EFFECT OF SULFUR IN JP-5 FUEL ON HOT CORROSION OF COATED SUPERALLOYS IN MARINE ENVIRONMENT
Progress rept. no. 3, 1 Oct-31 Dec 1966
PHILLIPS PETROLEUM CO BARTLESVILLE OK RESEARCH DIV
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An experimental investigation was made to determine whether the 0.4 per cent by weight of sulfur allowed in JP-5 fuel is a safe level for the protection of coated superalloys, used in aircraft-turbine engines of advanced design, when operated in a marine environment. Environment was simulated in the turbine section of an aircraft engine with respect to temperature, velocity, pressure, and stoichiometry. Tests were conducted with a nickel-base alloy Inconel 713C uncoated, with an aluminum-diffusion coating Misco MDC-1, and with an aluminum-chromium-diffusion coating Misco MDC-9 at all combinations of three levels of sulfur in fuel 0.0040, 0.040, and 0.40 weight per cent with two levels of sea salt in air zero and 1.0 ppm. Exponential equations of weight-loss with time were developed, and statistically-significant effects were identified at a 95 per cent confidence level. In all comparisons, the removal of sea salt from the air significantly decreased the relative rate of corrosion thus, indicating sea salt to be a primary-causative agent of hot corrosion. The effect of sulfur in fuel varied with the superalloy coating and the absence or presence of sea salt. In the absence of sea salt in air, a reduction of sulfur in fuel from the present limit to either 0.040 or 0.0040 weight per cent decreased attack with one coated superalloy and increased attack with the other. In the presence of 1.0 ppm sea salt in air, a reduction in sulfur to 0.040 weight per cent had no significant effect on attack however, a reduction to 0. 0040 weight per cent significantly decreased the relative rate of attack with both coated superalloys.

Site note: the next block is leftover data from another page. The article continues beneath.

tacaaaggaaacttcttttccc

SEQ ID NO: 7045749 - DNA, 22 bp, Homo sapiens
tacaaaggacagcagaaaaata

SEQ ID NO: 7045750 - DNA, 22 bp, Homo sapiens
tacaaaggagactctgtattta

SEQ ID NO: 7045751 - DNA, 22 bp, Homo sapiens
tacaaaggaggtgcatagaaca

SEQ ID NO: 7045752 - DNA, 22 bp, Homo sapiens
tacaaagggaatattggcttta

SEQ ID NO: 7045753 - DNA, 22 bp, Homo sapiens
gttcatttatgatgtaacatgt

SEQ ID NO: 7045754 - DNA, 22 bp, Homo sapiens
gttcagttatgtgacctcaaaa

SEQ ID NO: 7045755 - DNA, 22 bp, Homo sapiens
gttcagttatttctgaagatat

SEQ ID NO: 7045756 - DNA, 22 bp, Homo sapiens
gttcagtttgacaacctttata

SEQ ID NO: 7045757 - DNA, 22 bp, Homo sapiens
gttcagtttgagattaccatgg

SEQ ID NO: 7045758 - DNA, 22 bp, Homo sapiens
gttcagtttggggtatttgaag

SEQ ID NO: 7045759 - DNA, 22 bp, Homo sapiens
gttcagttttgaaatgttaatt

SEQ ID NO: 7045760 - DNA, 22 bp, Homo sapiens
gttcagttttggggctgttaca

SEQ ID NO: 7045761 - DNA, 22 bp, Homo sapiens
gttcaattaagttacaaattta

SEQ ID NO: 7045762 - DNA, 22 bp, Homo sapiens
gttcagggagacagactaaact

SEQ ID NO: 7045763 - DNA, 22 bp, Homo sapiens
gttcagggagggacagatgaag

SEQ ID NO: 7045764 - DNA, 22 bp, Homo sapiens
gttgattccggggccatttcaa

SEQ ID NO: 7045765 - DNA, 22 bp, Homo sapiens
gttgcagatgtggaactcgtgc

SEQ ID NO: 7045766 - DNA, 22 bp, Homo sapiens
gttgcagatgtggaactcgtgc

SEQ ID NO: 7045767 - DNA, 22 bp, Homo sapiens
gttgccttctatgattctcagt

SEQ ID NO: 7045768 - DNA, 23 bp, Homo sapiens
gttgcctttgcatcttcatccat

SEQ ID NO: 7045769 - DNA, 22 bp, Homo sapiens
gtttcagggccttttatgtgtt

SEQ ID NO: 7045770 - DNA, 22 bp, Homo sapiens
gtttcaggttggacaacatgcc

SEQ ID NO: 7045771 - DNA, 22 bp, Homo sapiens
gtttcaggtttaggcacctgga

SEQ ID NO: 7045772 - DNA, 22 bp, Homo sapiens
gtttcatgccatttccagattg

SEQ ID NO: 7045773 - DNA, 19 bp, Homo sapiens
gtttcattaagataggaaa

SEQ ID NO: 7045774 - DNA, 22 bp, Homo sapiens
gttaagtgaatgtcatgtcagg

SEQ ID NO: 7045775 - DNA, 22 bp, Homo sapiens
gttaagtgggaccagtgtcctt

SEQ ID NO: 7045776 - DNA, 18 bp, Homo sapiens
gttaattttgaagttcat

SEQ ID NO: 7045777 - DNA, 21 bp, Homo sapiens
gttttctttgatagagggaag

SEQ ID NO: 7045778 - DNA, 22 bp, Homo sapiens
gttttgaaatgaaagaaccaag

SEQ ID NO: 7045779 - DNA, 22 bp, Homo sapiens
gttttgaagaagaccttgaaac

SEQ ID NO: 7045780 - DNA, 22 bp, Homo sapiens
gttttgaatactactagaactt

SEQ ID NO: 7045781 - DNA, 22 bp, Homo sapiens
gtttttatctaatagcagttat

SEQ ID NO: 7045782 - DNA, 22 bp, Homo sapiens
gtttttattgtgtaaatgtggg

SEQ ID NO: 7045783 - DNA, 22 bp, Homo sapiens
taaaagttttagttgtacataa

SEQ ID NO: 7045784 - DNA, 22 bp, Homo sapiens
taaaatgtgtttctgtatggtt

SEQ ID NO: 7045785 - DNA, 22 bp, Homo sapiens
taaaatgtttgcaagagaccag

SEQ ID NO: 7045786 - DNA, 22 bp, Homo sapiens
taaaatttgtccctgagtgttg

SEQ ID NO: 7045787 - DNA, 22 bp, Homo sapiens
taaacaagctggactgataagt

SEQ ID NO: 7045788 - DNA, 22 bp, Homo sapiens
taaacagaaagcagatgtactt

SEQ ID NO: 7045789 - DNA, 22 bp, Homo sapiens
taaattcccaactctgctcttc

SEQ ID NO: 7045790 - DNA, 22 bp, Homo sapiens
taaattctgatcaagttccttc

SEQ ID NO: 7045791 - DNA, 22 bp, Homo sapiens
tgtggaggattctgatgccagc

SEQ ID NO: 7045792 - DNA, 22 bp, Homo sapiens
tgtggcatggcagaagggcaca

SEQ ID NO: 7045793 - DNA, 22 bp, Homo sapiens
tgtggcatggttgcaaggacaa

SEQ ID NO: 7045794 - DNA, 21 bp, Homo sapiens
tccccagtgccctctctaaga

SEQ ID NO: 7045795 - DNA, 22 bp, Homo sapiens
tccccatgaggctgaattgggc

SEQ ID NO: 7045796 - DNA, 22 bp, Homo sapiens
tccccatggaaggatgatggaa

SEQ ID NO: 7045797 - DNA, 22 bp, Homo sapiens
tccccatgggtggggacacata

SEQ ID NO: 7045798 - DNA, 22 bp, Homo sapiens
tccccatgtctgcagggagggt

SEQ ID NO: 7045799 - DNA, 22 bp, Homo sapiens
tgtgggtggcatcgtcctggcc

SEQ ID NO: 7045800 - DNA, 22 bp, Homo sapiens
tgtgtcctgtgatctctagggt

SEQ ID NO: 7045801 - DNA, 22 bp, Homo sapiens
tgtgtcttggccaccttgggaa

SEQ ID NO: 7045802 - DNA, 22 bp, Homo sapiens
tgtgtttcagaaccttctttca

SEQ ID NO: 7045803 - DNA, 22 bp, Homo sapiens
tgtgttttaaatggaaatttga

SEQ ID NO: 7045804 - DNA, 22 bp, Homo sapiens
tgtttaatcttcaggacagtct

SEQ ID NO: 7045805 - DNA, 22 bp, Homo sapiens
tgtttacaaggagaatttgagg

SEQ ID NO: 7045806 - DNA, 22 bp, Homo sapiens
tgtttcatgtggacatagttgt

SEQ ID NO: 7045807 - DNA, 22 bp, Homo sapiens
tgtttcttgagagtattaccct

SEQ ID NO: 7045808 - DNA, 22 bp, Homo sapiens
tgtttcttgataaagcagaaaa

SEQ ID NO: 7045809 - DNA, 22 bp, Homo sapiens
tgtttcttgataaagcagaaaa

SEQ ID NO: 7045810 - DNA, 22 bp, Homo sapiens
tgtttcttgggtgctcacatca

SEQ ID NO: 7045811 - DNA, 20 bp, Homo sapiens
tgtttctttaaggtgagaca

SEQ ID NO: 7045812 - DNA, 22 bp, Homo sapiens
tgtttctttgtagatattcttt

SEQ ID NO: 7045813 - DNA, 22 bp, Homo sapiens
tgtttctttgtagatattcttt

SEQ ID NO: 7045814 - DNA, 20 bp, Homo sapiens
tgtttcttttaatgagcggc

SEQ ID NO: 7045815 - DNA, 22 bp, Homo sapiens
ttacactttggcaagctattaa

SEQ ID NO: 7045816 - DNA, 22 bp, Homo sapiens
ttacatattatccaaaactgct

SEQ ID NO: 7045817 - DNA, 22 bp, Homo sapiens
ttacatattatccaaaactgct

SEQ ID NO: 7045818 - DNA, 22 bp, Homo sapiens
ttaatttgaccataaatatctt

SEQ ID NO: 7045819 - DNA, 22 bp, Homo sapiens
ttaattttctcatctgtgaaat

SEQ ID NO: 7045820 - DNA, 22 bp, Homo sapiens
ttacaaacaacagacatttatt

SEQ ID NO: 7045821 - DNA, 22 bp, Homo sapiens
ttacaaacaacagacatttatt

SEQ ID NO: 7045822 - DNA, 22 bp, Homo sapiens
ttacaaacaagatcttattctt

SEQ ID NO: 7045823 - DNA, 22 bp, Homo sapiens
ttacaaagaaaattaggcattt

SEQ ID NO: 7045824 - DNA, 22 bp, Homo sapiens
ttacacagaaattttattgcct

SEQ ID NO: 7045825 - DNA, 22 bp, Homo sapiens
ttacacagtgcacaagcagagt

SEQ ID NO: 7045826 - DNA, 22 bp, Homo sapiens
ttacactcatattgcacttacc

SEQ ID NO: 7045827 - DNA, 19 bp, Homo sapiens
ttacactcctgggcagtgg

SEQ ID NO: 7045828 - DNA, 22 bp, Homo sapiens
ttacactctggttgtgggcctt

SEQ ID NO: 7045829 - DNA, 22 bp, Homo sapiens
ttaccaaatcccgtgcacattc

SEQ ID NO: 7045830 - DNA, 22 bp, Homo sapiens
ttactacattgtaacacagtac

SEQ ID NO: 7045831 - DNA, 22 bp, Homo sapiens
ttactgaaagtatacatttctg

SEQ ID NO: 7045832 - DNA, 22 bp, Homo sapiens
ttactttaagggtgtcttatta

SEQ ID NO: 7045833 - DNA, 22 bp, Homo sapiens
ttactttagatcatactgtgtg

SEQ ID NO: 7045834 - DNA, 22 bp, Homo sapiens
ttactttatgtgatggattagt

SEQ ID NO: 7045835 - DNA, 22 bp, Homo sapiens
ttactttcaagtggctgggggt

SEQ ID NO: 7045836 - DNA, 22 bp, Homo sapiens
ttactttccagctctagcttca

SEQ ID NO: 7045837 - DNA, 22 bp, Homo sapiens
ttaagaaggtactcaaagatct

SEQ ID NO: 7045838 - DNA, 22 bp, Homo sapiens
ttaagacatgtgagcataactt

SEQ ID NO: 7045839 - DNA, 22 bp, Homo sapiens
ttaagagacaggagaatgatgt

- Fabrication Metallurgy
- Jet and Gas Turbine Engines